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Foamy Keg

I am a first time brewer. I have brewed a batch of beer and kegged it. I then force carbonated it at 30psi for 48 hours. I then dialed it down to 8psi and it sat for about a week and a half. I went to dispense some to try it and it seems to be all foam. The keg and all connections (hoses included) came in a keg kit. Am I doing something wrong? I have very limited knowledge on all aspects of brewing and any related hardware. Your help is greatly appreciated.

How long is your liquid line to your tap?

Although I am on this side of the fence in regards to recommending newer brewers use the high pressure and then dial down method as far too many over-carb their first kegs and that is a condition that is tiresome and cumbersome to fix other than setting and forgetting at regular draft pressure of 10-14 PSI depending on personal setup and having no worries and perfect pours each and every keg no futzing around guessing what level your at/ or always being over/ undercarbed. Sure it takes one week more ( IE: I find 2 weeks on each and every keg is perfect at regular drafting pressures.) This is the main reason you will see a majority of seasoned homebrewers using the set it and forget it method as it is flawless each and every time. I understand yours and others rush to carb beers but in the future maybe you will consider this once you build up your reserves etc…

But in your case only 48 hours at 30PSI should not have been extreme in any way and I agree with GD’s question about line length as I find typically most people need 6-10 feet and usually LHBS still to this day recommend/ or sell in kits 5ft or less for regular beer draft pressures when that is far too short in all but the rarest cases.

I agree with ITsPossible about using the “set it and forget it method.” In addition to achieving perfectly carbonated beer, this provides additional time for the beer to condition and clarify.

Regarding beer line, I suggest experimenting with various lengths. I tried longer hose (starting with 10ft. and cutting down) and found that 5 ft really is the right amount for my set-up. Actually when I run numbers in the keg balancing formula (see the link below), it suggests even shorter hose.

http://beersmith.com/blog/2011/07/14/ke ... raft-beer/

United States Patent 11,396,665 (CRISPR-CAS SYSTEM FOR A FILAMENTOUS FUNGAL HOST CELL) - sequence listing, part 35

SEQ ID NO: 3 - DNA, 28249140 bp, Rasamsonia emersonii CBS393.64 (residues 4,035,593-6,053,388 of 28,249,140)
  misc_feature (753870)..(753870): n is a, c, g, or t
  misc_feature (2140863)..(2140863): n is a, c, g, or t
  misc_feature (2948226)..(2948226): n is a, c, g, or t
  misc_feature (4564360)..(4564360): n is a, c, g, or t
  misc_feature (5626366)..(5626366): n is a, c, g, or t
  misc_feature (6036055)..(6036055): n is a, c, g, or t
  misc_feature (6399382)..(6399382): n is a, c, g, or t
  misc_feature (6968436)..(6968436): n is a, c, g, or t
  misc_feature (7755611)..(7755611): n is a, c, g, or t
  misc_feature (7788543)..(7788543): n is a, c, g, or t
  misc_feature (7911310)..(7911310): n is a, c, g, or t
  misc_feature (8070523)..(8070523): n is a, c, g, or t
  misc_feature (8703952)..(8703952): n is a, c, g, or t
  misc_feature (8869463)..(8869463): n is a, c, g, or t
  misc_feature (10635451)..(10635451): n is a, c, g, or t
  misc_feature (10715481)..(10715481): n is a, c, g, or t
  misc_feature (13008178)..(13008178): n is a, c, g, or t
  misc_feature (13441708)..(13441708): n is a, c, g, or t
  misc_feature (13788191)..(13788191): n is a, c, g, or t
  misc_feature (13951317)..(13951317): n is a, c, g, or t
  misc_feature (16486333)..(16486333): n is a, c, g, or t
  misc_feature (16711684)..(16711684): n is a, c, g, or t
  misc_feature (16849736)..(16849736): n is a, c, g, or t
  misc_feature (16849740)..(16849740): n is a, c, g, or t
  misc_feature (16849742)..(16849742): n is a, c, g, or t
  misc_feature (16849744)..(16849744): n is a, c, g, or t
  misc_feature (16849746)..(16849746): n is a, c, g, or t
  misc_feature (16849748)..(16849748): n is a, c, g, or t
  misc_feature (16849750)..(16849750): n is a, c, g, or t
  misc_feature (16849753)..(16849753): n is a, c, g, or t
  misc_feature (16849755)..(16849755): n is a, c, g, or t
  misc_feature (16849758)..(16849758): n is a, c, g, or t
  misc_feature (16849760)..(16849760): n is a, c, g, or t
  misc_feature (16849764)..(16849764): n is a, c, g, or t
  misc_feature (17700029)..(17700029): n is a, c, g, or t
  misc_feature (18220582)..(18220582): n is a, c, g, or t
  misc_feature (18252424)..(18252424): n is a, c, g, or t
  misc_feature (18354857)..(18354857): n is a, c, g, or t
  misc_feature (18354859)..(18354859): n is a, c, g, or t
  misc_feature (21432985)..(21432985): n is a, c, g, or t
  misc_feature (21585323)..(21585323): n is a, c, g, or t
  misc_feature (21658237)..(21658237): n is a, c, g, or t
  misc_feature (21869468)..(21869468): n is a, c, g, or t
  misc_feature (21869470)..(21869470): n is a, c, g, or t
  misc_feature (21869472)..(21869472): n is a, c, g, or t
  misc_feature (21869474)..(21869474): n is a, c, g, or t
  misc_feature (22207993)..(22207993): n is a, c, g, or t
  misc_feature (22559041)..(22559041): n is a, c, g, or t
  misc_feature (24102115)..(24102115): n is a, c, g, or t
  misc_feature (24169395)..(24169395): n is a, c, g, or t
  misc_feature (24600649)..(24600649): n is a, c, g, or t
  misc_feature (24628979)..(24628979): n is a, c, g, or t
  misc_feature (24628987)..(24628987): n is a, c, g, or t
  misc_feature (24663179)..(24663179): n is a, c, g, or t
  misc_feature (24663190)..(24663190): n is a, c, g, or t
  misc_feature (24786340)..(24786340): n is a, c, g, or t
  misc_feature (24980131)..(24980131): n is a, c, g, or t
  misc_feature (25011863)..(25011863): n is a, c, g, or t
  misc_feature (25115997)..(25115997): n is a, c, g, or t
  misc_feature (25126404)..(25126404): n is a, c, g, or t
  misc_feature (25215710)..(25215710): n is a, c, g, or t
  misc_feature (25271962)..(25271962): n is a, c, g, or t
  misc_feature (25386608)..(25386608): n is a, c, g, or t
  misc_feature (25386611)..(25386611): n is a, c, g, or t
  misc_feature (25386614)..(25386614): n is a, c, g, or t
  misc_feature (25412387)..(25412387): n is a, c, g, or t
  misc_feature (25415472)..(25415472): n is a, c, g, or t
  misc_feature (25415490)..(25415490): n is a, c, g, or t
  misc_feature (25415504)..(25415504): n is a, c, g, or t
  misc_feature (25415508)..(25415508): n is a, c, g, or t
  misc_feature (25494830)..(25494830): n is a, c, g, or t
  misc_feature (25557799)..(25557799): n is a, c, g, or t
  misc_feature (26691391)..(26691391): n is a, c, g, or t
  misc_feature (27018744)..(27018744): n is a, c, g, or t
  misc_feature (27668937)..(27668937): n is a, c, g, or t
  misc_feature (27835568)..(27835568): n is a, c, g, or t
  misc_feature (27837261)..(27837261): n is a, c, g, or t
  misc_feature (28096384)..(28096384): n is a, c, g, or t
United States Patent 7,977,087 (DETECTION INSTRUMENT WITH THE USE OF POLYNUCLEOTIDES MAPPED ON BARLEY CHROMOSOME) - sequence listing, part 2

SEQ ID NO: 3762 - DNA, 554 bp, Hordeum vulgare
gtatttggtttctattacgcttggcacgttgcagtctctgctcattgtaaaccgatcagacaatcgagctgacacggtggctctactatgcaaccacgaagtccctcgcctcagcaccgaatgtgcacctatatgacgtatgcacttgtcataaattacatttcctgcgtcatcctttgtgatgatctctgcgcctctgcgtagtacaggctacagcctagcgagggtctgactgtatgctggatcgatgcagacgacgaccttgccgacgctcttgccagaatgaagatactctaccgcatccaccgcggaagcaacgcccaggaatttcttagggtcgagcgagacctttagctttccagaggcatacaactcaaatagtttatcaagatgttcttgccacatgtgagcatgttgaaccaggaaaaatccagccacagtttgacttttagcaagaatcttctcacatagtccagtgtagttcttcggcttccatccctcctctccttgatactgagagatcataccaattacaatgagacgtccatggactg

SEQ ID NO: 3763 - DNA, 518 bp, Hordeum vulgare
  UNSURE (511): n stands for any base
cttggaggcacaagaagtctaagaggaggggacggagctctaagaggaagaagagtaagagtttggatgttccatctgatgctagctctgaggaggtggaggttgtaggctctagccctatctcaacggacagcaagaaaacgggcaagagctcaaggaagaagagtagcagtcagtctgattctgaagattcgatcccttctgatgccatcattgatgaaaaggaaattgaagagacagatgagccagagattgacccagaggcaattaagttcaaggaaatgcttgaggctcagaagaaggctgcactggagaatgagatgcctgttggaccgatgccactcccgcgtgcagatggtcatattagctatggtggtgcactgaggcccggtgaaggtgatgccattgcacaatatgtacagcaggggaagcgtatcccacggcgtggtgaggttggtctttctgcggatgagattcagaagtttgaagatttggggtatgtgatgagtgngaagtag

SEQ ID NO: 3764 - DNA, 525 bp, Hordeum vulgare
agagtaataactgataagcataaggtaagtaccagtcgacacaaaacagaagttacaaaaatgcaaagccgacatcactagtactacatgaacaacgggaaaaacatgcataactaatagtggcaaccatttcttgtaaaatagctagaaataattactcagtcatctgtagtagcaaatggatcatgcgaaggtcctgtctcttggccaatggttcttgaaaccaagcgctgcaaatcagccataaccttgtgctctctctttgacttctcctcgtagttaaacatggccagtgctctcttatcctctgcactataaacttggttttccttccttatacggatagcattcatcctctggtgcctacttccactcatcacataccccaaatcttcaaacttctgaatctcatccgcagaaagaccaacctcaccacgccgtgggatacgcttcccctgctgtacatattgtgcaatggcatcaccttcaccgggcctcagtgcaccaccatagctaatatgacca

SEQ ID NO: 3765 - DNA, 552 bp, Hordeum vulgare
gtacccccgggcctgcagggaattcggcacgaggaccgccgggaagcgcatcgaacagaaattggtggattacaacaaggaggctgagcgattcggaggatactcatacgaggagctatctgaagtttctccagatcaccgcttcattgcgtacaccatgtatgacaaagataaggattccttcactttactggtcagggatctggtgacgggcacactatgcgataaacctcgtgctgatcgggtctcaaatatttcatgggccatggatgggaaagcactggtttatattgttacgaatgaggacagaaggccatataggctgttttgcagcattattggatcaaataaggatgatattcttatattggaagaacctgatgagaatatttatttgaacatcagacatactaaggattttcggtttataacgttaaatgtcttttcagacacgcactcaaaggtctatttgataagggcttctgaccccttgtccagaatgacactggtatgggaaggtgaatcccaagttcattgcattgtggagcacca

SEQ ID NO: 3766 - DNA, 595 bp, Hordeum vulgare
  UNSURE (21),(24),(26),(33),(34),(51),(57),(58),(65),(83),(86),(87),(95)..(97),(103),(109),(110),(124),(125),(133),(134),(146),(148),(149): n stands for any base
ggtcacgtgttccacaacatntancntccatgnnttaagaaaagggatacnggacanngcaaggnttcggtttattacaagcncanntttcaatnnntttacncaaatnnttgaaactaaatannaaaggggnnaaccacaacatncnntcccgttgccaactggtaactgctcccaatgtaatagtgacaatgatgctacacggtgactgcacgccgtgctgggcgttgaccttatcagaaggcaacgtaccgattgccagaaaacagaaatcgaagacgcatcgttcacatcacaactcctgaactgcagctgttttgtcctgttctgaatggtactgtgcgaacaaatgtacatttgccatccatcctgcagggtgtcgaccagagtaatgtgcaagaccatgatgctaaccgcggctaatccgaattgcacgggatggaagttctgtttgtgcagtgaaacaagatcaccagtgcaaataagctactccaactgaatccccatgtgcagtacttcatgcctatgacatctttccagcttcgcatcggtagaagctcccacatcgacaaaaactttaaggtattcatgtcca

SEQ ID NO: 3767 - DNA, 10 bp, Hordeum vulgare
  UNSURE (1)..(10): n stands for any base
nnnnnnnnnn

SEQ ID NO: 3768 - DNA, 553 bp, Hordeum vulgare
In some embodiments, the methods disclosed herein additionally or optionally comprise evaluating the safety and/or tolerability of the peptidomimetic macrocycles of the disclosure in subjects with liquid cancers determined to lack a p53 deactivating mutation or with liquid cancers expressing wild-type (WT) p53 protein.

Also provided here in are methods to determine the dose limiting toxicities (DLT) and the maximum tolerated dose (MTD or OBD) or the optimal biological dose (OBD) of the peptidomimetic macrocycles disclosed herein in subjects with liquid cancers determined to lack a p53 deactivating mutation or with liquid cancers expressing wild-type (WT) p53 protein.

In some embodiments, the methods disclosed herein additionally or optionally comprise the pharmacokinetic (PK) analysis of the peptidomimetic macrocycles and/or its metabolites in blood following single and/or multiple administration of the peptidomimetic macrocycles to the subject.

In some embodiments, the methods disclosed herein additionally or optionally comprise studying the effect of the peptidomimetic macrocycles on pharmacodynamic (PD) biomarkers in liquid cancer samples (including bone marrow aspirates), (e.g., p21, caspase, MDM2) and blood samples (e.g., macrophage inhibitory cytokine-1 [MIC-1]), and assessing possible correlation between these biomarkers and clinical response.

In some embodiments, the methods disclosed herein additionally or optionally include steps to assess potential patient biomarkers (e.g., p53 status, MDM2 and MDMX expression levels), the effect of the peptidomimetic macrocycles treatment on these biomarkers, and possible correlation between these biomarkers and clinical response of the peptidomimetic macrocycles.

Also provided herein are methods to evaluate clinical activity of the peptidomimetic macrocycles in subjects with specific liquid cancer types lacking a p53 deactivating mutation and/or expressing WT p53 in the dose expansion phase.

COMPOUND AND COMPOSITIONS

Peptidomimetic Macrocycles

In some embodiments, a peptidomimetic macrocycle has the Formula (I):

I assume you are using 3/16" ID hose.

I had this happen a few times when I accidentally over-carbed my keg. You have to disconnect the gas and keep venting it for a day or two. Swirl the keg gently to help speed up the de-carb process. Careful or you will get beer coming out the relief valve when you release it to vent.

Thanks to all that responded. I measured my dispensing line and it is just shy of 4 feet (approx. 3’ 9"). When I go to dispense, I get some liquid then foam. I then have to wait a little and dispense again (annoying). I like the “set it and forget it” recommendation.

Here is what you do.
Like I stated above I think your keg is still carbonated to around 2.5 volumes or less because you set it at 8 PSI which was smart in hindsight.

  1. Use a carbonation chart to find your correct set it and forget pressure. (IE: If your kegs temp is around 38f then you would want the pressure always set at 12 PSI to achieve 2.5 volumes.)

  2. Bring the keg up to the required pressure for your setup and only IF your keg is at serving temp then start with 10ft of line and cut back a half foot until you reach the right pour. (BTW I am lazy right now does anybody have a link for the line length calculator using the CORRECT resistance for 3/16" line??) Anecdotally I find that at 38f serving temp and 2.5-2.7 volumes I need around 8 foot +/- 1/2’.

  3. If you have too much line and the keg is correctly carbed all that will happen is the pour will be slow. So no foam, just slow. Then you know you need to cut a half foot etc… Now if you have 10ft on and it is still fast and foamy then you know you have an overcarbed keg for sure/ without a doubt.

Now if any of this doesn’t compute just state your current approximate beer temp, rise from middle of keg to level of taps(usually 1-4ft when using a kegorator or keezer), distance from keg disconnect(top) to tap shank( 1-10ft etc…) Desired volumes of CO2 (e.g. 2.5, 2.9) Then myself or others can help pinpoint what line length to target exactly, then you will know what state the carb is at depending on how the pour acts with this length. Now of course this distance needed is if you have both a vertical and horizontal distance, some setups might only have a straight vertical rise right to the shank/ tap. In that case all you need is that distance from middle of keg up to shank usually in a tower.

Or… Just set it and forget it. Easy.

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